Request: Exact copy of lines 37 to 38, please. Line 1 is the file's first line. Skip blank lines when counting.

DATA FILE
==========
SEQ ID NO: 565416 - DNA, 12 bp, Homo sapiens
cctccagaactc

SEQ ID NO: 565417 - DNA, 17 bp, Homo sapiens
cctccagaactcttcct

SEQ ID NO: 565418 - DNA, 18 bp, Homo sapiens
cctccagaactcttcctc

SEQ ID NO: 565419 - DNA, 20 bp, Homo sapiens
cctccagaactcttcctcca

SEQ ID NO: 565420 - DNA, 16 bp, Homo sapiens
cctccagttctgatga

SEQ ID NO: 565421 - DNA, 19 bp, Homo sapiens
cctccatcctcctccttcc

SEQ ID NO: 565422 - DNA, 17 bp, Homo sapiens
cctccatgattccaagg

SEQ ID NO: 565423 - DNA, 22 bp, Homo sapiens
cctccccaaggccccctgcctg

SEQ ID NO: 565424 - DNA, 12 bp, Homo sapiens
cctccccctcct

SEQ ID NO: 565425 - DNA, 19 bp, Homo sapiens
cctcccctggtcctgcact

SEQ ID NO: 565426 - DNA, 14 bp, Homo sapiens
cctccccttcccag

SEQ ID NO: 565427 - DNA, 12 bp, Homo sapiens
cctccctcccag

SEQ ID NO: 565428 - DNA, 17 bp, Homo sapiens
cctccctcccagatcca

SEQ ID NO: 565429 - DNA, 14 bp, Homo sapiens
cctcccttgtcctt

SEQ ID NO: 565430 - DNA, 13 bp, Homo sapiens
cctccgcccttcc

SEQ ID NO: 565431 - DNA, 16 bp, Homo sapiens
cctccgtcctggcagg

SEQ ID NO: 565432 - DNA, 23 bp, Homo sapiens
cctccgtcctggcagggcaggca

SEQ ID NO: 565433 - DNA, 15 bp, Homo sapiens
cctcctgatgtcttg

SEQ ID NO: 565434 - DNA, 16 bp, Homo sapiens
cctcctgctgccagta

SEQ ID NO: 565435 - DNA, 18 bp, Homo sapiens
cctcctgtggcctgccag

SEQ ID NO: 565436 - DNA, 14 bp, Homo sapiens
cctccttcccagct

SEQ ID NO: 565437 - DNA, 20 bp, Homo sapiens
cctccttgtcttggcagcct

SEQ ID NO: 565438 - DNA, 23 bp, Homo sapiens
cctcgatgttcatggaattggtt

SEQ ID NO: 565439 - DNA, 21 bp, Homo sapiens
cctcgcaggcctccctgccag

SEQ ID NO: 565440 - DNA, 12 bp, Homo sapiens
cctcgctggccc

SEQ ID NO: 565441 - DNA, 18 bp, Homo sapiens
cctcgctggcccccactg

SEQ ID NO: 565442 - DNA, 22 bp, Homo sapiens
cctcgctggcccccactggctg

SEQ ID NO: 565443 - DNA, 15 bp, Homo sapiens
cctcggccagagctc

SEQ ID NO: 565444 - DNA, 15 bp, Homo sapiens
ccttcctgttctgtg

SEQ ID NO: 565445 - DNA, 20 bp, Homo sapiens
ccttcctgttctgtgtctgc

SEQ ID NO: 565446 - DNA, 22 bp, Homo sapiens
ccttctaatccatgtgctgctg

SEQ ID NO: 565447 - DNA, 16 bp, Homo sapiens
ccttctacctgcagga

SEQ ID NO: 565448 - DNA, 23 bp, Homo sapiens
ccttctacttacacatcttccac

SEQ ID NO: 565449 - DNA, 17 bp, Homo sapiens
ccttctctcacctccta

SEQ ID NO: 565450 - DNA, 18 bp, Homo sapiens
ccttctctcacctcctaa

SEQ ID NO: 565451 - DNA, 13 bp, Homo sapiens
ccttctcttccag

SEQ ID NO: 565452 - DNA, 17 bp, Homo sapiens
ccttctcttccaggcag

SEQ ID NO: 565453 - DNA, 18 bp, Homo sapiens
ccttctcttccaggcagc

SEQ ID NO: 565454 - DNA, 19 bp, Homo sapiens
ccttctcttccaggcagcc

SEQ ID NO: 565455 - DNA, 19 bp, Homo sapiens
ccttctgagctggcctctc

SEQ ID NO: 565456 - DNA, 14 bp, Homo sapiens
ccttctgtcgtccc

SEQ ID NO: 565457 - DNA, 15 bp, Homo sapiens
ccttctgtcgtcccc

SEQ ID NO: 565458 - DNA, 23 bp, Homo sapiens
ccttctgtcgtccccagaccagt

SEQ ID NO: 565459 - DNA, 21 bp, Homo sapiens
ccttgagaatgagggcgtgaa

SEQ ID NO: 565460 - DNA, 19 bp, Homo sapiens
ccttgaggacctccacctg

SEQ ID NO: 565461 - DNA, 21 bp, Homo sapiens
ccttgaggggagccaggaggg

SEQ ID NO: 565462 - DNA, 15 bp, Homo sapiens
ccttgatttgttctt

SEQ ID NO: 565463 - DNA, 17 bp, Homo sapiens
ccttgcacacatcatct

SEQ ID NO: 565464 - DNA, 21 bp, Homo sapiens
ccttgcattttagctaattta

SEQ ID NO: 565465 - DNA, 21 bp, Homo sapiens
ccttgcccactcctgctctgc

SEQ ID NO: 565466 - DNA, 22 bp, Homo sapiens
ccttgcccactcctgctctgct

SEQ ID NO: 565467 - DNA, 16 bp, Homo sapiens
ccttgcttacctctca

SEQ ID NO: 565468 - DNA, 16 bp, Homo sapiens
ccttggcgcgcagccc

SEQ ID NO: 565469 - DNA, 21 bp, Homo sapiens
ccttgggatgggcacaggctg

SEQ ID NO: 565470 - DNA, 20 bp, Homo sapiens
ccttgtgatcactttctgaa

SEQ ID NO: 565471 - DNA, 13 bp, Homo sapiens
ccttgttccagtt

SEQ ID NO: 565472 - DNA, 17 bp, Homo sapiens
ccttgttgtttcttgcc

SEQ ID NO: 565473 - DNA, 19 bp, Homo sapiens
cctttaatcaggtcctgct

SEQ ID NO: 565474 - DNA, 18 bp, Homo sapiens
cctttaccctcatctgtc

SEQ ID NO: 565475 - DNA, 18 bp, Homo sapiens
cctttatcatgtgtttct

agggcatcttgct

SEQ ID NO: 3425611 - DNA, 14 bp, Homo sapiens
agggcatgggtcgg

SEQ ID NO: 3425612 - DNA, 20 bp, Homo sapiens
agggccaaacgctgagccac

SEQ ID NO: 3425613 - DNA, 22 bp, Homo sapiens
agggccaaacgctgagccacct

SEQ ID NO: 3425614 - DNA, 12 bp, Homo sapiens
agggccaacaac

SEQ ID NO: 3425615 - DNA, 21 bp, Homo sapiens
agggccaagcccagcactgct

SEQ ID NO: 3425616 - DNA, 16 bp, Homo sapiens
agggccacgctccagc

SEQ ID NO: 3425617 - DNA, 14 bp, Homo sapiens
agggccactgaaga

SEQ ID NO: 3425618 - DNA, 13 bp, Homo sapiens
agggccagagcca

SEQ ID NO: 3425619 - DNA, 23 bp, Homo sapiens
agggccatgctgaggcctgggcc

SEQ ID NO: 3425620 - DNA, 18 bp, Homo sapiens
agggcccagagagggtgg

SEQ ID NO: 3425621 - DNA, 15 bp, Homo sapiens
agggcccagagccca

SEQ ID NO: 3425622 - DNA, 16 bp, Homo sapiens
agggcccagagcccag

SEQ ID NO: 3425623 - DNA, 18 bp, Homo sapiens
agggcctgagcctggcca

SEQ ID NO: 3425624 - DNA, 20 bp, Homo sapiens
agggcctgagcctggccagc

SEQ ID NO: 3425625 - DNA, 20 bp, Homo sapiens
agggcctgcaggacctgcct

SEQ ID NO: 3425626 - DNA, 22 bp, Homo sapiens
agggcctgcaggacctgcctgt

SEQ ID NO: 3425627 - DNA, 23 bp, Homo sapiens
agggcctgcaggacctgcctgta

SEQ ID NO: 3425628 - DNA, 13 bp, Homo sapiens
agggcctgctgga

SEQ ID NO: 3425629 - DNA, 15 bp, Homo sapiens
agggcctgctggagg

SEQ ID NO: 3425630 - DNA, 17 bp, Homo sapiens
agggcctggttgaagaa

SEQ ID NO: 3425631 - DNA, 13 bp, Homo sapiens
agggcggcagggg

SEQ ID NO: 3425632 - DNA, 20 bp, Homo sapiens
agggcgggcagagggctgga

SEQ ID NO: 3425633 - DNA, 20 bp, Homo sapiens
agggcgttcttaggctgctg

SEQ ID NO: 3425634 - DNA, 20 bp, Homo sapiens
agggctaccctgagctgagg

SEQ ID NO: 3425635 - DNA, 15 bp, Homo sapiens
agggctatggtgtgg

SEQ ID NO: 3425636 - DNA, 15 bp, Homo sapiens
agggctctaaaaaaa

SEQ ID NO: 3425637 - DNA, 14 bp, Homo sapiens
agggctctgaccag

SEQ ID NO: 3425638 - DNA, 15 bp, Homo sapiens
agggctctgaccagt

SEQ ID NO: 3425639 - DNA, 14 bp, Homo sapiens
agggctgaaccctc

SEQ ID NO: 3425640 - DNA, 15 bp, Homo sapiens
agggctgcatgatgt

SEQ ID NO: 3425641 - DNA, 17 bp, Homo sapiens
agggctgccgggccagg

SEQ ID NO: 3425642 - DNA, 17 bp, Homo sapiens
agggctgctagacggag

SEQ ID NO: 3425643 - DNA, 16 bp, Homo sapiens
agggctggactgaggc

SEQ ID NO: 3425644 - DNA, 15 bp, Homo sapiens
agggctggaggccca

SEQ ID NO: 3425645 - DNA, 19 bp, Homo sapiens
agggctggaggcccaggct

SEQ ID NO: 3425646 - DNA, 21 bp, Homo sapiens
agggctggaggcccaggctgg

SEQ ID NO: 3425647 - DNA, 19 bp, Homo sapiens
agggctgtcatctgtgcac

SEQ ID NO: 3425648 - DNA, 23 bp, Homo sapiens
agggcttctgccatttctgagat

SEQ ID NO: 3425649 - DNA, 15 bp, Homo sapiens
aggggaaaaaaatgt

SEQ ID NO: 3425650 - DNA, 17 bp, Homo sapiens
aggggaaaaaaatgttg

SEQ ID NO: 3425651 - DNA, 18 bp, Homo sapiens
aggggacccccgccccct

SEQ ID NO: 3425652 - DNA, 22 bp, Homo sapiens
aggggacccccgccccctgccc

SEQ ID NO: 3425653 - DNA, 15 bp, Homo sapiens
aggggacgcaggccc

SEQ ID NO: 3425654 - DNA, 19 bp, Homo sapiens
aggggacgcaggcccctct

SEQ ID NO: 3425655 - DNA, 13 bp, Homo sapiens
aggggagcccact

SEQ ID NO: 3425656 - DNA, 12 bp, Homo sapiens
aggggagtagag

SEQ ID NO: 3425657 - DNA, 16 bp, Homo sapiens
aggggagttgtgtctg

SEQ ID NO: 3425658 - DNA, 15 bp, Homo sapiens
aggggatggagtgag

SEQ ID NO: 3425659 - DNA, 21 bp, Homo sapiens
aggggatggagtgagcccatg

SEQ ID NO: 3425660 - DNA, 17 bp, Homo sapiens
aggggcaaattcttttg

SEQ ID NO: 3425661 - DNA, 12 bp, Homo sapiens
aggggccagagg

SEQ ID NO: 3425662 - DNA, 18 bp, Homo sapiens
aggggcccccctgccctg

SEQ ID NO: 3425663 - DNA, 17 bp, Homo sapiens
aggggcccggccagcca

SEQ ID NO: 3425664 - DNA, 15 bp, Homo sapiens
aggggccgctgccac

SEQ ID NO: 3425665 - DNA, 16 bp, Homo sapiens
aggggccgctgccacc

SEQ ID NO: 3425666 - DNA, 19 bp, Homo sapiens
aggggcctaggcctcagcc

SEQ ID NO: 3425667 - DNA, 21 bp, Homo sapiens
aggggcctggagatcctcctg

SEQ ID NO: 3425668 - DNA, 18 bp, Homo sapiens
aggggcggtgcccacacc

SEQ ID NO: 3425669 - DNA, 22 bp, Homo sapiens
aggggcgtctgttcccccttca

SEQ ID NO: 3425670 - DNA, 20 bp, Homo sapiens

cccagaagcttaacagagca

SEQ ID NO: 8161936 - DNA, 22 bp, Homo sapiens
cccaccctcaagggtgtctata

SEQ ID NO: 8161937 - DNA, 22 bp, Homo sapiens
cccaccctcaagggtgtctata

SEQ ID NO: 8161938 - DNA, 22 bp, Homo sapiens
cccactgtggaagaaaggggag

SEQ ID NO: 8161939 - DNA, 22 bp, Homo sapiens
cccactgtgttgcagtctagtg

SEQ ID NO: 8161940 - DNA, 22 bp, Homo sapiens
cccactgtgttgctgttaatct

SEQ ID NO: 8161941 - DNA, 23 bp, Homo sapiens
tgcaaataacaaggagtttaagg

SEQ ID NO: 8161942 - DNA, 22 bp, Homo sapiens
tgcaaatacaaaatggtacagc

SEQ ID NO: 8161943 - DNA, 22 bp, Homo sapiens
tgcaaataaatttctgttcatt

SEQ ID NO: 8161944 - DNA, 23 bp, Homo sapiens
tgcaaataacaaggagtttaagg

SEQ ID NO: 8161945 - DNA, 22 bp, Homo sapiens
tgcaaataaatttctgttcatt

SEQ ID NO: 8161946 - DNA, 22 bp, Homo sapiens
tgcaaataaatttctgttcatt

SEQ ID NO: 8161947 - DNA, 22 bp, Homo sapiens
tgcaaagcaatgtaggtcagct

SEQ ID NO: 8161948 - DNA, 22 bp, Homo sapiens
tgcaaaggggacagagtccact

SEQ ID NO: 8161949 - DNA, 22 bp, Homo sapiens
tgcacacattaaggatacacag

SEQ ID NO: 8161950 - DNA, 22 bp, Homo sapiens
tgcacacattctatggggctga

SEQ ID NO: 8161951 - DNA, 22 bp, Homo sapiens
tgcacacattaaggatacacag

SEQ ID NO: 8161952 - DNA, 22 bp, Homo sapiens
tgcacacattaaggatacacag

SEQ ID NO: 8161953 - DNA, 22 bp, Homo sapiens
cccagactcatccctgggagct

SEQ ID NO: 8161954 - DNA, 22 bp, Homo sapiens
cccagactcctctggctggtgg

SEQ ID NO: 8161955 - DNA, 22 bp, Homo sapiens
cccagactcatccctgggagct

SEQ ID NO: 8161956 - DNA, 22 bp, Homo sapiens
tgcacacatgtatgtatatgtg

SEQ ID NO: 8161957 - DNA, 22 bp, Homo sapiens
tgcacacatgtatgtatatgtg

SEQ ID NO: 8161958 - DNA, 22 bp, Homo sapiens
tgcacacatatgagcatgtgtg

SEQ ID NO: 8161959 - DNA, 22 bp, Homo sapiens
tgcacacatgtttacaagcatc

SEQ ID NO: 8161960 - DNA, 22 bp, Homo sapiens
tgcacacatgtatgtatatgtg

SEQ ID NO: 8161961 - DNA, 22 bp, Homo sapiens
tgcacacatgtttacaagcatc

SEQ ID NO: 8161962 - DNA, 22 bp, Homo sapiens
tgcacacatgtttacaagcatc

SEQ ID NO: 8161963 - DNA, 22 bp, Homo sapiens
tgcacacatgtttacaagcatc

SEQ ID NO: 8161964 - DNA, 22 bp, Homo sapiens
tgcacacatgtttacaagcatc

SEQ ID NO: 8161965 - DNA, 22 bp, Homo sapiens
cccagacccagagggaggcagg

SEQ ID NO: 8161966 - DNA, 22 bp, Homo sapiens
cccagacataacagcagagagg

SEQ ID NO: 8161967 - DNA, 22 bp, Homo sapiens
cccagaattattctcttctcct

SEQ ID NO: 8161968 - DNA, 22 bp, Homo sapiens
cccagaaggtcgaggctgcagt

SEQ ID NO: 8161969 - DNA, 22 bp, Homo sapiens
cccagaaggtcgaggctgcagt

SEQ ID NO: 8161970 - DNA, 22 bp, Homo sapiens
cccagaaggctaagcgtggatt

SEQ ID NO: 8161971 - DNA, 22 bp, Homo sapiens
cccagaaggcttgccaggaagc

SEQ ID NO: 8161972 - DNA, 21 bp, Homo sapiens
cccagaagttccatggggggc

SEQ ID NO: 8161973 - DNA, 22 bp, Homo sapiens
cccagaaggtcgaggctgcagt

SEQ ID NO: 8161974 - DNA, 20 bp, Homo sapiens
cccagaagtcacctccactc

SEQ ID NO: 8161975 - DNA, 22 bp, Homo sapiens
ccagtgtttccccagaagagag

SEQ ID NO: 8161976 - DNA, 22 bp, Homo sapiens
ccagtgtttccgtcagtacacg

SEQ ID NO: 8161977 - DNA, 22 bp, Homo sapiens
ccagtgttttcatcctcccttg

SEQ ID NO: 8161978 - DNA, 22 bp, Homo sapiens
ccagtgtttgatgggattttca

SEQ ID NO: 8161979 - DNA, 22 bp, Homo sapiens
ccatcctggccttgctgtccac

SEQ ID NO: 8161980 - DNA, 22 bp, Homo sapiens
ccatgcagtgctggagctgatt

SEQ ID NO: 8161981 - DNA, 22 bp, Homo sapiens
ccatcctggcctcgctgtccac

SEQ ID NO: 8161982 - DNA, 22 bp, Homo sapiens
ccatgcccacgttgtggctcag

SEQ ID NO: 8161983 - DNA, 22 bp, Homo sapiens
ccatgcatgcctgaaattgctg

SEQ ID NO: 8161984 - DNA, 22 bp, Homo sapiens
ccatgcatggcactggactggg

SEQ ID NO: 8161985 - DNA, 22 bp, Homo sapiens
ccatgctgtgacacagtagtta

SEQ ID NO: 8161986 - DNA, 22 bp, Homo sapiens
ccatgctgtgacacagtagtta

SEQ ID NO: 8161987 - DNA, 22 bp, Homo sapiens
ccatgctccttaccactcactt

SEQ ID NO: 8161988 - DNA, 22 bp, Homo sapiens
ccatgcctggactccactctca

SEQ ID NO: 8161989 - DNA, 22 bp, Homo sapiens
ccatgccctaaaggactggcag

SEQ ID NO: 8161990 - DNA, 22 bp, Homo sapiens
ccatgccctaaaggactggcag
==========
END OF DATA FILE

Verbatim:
SEQ ID NO: 565434 - DNA, 16 bp, Homo sapiens
cctcctgctgccagta